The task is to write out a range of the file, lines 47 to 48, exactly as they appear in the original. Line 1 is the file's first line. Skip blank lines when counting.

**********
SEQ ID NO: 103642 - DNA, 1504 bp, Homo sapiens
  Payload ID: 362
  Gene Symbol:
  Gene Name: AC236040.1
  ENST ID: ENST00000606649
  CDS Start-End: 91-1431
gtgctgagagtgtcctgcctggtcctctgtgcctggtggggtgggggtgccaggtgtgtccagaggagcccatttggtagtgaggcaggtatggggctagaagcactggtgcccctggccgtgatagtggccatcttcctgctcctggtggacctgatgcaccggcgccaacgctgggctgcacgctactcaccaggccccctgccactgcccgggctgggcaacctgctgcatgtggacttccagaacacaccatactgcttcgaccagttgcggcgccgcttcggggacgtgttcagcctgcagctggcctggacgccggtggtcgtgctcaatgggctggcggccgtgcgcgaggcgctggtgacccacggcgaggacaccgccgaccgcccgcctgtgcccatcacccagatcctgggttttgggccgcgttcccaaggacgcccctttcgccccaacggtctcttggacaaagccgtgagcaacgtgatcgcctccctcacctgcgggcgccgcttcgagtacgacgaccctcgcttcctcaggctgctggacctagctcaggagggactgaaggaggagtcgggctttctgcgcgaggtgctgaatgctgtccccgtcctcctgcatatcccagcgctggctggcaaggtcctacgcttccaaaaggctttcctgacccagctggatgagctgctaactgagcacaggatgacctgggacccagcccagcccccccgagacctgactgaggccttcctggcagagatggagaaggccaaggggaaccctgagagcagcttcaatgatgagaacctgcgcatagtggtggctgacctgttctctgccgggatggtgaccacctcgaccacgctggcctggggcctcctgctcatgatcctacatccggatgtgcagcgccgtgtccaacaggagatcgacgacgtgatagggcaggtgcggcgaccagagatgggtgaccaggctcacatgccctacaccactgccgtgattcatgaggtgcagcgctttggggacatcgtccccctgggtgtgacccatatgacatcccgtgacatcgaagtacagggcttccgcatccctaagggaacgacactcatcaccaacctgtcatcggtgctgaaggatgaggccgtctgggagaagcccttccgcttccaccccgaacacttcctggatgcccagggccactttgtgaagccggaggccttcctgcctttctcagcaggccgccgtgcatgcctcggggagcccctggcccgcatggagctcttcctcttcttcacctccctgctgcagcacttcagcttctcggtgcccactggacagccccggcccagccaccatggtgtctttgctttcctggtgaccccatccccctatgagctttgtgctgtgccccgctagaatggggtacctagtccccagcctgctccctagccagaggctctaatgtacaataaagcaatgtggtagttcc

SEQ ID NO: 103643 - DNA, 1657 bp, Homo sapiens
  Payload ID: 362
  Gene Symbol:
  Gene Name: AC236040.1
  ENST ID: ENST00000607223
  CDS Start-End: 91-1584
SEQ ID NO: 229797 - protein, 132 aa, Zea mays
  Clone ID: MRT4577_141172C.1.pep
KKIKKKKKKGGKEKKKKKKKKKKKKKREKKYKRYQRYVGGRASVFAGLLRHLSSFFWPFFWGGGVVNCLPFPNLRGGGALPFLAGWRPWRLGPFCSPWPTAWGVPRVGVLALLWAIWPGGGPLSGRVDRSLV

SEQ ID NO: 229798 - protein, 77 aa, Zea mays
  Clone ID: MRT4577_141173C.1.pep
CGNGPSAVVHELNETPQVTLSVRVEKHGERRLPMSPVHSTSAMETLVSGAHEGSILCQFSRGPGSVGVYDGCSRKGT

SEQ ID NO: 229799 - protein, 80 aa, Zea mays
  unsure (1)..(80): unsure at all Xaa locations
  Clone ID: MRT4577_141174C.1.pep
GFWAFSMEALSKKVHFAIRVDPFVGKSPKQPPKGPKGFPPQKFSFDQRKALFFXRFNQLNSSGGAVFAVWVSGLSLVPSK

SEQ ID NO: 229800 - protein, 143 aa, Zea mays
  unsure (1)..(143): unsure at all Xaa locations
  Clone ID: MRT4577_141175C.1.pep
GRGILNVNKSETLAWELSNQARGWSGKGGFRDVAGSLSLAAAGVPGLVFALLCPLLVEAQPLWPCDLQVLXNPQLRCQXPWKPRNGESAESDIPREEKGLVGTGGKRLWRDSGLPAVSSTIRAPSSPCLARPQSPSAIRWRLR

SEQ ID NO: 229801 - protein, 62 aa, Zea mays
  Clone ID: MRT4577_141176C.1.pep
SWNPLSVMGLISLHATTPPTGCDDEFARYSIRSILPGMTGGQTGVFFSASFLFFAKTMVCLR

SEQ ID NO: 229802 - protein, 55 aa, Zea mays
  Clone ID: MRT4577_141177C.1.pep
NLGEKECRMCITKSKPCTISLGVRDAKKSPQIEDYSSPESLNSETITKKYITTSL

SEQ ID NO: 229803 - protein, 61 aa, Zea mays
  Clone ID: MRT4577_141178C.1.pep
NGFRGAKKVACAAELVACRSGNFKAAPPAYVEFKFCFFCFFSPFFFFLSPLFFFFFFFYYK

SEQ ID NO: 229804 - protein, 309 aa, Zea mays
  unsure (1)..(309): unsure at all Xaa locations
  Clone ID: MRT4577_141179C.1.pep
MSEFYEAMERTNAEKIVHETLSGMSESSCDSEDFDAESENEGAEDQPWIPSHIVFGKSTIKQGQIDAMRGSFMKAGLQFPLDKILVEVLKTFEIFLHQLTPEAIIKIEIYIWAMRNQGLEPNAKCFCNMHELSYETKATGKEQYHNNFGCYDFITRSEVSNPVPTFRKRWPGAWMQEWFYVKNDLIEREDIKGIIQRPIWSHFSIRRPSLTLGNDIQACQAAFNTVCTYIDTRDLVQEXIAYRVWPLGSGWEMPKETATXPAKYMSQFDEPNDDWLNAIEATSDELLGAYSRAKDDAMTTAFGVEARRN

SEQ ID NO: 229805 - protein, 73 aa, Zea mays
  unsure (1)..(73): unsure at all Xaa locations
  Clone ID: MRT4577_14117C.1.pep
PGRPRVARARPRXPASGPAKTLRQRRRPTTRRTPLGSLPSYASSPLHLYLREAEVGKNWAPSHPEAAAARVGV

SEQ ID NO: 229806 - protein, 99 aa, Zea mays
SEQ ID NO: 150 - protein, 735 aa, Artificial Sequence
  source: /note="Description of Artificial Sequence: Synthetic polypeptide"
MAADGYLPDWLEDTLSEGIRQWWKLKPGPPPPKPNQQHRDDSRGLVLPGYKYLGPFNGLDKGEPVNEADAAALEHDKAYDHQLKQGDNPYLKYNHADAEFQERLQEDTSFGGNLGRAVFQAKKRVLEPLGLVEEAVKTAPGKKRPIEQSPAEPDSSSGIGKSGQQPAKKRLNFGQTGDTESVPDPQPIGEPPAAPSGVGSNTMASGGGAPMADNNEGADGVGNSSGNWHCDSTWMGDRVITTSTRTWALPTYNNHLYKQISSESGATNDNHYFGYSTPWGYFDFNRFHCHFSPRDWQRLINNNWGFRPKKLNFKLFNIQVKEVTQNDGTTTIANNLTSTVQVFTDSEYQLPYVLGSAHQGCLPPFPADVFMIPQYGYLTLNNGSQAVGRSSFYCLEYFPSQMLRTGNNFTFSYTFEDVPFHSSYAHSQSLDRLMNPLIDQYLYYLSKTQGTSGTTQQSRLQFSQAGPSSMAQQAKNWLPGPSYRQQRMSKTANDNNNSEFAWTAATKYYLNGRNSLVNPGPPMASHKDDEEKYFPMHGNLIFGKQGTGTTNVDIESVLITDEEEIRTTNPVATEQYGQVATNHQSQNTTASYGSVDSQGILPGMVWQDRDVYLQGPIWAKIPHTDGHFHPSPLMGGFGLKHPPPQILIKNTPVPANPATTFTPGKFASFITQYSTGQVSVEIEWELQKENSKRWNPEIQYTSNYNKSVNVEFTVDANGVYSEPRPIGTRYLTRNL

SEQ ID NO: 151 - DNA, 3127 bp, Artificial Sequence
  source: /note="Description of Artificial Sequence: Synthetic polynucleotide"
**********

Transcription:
  source: /note="Description of Artificial Sequence: Synthetic polypeptide"
MAADGYLPDWLEDTLSEGIRQWWKLKPGPPPPKPNQQHRDDSRGLVLPGYKYLGPFNGLDKGEPVNEADAAALEHDKAYDHQLKQGDNPYLKYNHADAEFQERLQEDTSFGGNLGRAVFQAKKRVLEPLGLVEEAVKTAPGKKRPIEQSPAEPDSSSGIGKSGQQPAKKRLNFGQTGDTESVPDPQPIGEPPAAPSGVGSNTMASGGGAPMADNNEGADGVGNSSGNWHCDSTWMGDRVITTSTRTWALPTYNNHLYKQISSESGATNDNHYFGYSTPWGYFDFNRFHCHFSPRDWQRLINNNWGFRPKKLNFKLFNIQVKEVTQNDGTTTIANNLTSTVQVFTDSEYQLPYVLGSAHQGCLPPFPADVFMIPQYGYLTLNNGSQAVGRSSFYCLEYFPSQMLRTGNNFTFSYTFEDVPFHSSYAHSQSLDRLMNPLIDQYLYYLSKTQGTSGTTQQSRLQFSQAGPSSMAQQAKNWLPGPSYRQQRMSKTANDNNNSEFAWTAATKYYLNGRNSLVNPGPPMASHKDDEEKYFPMHGNLIFGKQGTGTTNVDIESVLITDEEEIRTTNPVATEQYGQVATNHQSQNTTASYGSVDSQGILPGMVWQDRDVYLQGPIWAKIPHTDGHFHPSPLMGGFGLKHPPPQILIKNTPVPANPATTFTPGKFASFITQYSTGQVSVEIEWELQKENSKRWNPEIQYTSNYNKSVNVEFTVDANGVYSEPRPIGTRYLTRNL